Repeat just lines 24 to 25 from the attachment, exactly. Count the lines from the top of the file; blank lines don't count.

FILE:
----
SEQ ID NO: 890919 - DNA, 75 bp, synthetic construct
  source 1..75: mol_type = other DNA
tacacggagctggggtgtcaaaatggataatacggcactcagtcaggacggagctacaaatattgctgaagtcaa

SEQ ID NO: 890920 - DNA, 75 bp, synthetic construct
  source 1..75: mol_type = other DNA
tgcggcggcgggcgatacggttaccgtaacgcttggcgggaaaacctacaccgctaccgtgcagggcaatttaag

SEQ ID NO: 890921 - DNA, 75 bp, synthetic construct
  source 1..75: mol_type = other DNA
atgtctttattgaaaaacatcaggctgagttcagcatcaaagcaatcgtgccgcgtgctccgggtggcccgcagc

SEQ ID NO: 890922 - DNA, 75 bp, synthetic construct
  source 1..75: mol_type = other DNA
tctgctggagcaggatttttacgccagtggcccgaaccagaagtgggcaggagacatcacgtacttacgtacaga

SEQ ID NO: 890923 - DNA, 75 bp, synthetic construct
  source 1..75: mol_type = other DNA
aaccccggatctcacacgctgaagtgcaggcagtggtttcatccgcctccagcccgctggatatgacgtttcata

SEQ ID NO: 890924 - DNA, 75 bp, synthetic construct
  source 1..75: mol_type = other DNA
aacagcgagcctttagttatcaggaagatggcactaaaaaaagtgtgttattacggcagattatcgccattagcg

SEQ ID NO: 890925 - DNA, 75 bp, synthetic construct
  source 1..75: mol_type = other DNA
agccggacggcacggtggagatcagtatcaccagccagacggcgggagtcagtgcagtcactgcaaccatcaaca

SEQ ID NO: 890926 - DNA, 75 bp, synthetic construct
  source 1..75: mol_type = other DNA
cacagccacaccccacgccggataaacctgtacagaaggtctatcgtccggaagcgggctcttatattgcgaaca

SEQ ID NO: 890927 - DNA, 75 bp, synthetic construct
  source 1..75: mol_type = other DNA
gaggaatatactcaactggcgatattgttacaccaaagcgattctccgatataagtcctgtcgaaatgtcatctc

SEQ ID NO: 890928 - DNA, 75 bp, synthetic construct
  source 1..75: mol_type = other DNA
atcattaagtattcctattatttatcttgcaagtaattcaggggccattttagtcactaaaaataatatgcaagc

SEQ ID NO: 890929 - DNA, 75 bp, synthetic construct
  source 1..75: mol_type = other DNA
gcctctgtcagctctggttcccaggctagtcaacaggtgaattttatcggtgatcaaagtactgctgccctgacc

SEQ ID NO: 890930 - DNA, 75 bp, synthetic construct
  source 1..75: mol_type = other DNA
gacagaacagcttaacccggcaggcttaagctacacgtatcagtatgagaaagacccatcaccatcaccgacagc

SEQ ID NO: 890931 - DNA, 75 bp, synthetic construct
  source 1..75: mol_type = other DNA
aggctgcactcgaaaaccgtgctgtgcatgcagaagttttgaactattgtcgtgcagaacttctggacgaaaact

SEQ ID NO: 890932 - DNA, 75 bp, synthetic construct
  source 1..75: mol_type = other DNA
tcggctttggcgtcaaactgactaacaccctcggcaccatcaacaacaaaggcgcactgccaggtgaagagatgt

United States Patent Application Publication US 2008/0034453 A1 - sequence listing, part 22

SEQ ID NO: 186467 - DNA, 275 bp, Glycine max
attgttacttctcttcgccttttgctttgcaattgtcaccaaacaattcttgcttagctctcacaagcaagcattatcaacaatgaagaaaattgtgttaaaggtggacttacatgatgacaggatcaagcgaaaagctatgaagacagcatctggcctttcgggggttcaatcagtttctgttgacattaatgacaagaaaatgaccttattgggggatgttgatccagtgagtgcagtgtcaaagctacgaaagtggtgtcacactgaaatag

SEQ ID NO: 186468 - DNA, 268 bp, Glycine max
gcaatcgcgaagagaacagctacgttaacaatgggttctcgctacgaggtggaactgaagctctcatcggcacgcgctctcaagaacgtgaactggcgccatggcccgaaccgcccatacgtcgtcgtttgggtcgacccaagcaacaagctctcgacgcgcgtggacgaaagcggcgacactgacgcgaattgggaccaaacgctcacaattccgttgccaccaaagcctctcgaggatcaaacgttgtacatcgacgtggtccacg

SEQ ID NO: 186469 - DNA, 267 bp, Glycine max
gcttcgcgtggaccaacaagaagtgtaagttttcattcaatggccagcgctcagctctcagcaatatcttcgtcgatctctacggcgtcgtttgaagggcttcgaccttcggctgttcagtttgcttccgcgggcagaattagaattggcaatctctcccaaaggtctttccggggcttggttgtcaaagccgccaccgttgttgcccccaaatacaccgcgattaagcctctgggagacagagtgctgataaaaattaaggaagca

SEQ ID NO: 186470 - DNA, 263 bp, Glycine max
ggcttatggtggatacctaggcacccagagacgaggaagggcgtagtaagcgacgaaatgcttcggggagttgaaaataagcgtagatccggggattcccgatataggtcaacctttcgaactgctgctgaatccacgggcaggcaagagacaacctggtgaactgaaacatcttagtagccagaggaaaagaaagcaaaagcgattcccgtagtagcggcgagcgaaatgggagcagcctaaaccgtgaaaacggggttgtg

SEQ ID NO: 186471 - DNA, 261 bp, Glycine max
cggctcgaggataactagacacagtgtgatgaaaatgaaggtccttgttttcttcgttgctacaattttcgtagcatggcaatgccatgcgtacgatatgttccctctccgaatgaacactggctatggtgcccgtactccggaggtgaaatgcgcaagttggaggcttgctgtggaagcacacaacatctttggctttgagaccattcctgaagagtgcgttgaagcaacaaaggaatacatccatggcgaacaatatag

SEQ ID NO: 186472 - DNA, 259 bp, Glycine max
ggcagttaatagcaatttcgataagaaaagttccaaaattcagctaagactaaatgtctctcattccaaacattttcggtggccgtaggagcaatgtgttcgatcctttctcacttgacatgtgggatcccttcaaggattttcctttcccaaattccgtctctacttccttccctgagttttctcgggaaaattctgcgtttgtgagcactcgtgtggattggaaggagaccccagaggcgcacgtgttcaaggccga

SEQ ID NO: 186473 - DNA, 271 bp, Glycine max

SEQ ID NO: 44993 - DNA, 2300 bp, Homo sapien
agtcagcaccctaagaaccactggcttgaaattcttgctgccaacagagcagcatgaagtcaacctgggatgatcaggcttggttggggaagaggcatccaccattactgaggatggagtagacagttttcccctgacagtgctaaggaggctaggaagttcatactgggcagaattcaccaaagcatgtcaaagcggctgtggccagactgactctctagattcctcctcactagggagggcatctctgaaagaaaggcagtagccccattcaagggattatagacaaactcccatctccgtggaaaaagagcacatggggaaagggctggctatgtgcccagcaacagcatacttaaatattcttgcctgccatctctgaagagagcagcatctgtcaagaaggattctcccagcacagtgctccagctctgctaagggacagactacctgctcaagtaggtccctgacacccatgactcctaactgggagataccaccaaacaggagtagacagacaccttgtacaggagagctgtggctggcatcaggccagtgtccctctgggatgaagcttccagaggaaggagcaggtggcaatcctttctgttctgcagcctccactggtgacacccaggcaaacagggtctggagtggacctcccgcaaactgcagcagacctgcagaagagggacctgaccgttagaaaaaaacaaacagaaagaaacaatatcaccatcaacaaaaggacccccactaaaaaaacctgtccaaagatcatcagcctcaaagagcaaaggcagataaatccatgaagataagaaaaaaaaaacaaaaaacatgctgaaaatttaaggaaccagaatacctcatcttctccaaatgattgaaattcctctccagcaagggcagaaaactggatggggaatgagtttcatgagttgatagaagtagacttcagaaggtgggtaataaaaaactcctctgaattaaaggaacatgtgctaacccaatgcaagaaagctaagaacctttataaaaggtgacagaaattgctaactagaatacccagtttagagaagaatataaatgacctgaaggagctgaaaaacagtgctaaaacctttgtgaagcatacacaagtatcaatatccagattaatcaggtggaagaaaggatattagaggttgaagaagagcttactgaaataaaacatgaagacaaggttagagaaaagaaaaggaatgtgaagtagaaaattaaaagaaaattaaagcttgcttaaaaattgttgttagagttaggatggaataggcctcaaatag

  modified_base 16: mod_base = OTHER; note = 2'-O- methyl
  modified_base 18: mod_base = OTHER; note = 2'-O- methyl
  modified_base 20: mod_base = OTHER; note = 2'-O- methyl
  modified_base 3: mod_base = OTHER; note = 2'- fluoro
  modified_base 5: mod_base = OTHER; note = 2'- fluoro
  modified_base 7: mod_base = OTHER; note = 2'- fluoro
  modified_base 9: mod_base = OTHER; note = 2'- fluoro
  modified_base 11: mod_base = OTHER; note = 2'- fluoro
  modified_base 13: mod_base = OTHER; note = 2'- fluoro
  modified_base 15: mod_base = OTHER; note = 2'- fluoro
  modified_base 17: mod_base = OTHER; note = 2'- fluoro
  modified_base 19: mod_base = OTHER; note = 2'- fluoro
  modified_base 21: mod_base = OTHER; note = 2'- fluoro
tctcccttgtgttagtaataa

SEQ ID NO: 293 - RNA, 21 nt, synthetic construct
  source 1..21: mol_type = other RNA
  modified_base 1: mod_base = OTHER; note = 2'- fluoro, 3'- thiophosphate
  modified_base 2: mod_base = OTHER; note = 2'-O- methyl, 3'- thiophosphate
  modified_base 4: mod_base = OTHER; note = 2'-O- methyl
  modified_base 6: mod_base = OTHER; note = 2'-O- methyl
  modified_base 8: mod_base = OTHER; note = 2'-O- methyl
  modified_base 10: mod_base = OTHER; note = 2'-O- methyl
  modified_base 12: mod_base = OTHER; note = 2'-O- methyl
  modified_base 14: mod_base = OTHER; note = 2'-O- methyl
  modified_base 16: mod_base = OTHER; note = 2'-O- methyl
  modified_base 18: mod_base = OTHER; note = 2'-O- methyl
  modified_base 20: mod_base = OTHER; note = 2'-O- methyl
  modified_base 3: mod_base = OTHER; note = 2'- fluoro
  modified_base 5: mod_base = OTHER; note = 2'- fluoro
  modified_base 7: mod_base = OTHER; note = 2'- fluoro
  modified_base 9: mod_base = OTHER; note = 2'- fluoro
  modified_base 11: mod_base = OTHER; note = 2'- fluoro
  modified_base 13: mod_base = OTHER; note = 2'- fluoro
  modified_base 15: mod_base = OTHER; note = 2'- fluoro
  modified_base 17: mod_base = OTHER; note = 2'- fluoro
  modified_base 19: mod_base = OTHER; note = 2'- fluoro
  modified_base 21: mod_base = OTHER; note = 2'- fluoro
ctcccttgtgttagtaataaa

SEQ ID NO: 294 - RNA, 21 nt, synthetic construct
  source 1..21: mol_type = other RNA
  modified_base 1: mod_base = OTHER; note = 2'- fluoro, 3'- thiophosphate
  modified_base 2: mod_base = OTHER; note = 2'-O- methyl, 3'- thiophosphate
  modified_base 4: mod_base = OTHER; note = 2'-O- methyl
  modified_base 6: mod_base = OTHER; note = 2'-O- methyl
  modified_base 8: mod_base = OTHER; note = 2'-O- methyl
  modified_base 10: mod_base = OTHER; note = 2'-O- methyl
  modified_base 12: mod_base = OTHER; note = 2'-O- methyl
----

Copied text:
cacagccacaccccacgccggataaacctgtacagaaggtctatcgtccggaagcgggctcttatattgcgaaca

SEQ ID NO: 890927 - DNA, 75 bp, synthetic construct